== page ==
KILLEEN, Texas — The events on 9/11 lead to the Global War on Terror that is still ongoing — a war that vets serving at the time weren't expecting until they saw the news and reported to work.
”They briefed us and told us that we had just been attacked on American soil,” said retired U.S. Army veteran serving during 9/11, Edwina Bivins.
According to the Watson Institute of International and Public Affairs, between 1.9 and 3 million service members served following 9/11.
Retired Sergeant First Class Jeffrey Krenzer was serving at the time of the attacks and heard the news while he was stationed in Korea.
”We were getting ready to go to the field the next day and I was up late because it was later there," Krenzer said.
“I was up late at night packing and on the news came across things about planes hitting the twin towers.”
Back home at what was then Fort Hood, then Staff Sergeant Edwina Bivins was on her way to work at the 4th Infantry Division headquarters when she turned on the radio and heard the news.
”At first I thought it was a hoax,” Bivins said.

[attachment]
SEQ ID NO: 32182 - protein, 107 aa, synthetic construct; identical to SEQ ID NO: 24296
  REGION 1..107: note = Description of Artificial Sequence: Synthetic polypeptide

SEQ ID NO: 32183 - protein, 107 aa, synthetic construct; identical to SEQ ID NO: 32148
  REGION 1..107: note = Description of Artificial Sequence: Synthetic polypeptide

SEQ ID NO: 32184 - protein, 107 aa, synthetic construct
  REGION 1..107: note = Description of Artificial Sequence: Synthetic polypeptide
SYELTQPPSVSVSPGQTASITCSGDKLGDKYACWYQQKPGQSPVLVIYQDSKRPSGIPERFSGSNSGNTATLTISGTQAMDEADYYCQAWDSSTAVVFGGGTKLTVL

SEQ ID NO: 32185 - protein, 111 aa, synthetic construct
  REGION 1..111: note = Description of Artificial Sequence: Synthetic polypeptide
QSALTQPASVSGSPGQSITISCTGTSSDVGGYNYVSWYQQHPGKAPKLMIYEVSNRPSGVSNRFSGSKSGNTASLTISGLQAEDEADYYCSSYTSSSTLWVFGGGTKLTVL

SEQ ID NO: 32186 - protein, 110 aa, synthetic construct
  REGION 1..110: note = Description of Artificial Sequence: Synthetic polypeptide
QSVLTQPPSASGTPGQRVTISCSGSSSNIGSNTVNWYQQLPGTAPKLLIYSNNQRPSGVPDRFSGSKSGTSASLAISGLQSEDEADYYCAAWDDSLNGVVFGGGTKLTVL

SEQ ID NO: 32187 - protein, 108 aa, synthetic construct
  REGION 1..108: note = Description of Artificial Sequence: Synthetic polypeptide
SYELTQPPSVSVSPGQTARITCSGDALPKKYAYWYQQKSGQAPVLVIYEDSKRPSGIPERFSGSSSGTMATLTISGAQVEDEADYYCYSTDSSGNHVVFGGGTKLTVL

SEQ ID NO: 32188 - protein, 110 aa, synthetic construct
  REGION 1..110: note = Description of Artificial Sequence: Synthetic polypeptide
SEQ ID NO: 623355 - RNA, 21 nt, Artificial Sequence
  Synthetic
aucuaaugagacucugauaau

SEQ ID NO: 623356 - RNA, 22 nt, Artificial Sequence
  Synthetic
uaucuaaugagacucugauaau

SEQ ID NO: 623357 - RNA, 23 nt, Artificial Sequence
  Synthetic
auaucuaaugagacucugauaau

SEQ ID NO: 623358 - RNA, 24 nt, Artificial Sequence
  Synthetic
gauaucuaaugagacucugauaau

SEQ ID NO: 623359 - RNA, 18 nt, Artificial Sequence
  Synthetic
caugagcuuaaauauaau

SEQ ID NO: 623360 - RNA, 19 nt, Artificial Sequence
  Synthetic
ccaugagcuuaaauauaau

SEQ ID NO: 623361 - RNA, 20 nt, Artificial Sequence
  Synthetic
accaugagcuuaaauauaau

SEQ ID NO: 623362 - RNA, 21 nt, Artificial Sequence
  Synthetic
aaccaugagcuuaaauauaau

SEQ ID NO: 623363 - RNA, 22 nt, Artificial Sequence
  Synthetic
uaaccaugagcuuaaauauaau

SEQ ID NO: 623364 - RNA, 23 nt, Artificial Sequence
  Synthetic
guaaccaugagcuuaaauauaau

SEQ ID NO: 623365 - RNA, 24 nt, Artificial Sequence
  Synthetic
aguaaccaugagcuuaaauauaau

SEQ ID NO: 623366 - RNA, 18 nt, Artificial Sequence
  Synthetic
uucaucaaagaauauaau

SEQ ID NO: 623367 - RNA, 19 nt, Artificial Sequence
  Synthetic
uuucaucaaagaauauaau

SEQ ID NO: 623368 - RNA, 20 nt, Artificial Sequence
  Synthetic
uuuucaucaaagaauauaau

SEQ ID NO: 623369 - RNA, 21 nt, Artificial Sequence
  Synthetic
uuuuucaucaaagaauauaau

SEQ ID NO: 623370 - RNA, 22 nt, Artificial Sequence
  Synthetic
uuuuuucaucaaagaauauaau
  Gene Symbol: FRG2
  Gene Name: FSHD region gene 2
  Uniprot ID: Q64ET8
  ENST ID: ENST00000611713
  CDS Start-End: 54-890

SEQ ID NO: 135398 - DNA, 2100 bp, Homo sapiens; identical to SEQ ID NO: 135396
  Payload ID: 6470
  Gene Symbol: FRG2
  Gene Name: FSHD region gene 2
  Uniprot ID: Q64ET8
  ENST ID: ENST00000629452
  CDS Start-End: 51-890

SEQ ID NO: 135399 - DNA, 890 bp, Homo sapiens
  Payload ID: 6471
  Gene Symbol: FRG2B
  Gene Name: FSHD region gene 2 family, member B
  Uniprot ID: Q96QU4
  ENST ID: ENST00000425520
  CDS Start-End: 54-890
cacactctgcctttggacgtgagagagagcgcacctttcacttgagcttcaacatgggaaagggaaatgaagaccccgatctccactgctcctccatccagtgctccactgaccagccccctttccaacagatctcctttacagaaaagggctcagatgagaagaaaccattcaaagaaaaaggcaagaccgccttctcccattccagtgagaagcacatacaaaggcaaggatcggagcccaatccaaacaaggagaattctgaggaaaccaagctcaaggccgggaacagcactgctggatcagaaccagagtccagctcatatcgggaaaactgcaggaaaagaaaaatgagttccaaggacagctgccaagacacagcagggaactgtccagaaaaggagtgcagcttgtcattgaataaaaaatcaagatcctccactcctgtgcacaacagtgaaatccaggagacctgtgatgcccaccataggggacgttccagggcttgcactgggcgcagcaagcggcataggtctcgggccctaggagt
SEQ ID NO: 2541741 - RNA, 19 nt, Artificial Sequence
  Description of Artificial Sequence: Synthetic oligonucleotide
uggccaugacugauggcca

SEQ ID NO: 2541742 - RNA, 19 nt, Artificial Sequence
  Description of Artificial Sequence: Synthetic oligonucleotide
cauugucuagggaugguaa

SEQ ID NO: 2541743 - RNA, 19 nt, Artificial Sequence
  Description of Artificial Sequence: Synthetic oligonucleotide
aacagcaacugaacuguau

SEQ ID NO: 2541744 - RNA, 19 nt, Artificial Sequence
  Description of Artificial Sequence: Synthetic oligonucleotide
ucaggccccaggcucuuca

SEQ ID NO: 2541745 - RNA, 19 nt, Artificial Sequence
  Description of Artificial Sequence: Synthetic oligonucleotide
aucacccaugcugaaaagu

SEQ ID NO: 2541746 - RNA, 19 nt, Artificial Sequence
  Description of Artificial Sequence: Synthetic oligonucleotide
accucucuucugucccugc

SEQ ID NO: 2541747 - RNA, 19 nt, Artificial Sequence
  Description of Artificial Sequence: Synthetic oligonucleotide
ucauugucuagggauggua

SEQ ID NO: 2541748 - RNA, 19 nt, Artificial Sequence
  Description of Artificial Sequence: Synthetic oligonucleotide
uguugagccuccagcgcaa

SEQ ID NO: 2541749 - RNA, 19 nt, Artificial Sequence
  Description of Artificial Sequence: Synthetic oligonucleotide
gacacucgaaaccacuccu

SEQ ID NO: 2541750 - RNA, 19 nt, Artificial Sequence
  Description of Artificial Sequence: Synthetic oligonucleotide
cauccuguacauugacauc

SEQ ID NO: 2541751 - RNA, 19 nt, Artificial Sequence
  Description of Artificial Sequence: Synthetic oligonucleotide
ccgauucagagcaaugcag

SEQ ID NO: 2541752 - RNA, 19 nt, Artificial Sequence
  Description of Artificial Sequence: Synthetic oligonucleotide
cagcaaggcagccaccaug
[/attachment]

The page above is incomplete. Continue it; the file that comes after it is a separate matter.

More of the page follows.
“I though someone had taken control of the air waves until I went into work and they actually gave us a briefing and told us exactly what they thought was happening at the time.”
It was a sign that things were about to change.
”I felt like halfway then that we were on lockdown because they were trying to figure out what we were going to do next,” Bivins said.
It was the start of the Global War on Terror that has left many who served in Iraq and Afghanistan with lifelong injuries.
”Just because you don’t see an injury doesn’t mean that it’s not there," Krenzer said.
“There's people that struggle with mental health big time. There’s people that struggle with respiratory issues big time from those burn pits.”
It was an attack that would change they Americans thought about defending America and left them with a lesson they would never forget.
”Anything could happen at any time,” Krenzer said.
“You never see it coming and something bad happens just like 9/11.”
”It’s just like they say, never forget and I think that’s a good message,” Bivins said.
Thousands of men and women were enlisted in the military when 9/11 happened and thousands more joined because of it.
Many of them deployed to the war that began soon after and are still dealing with the effects of that war today.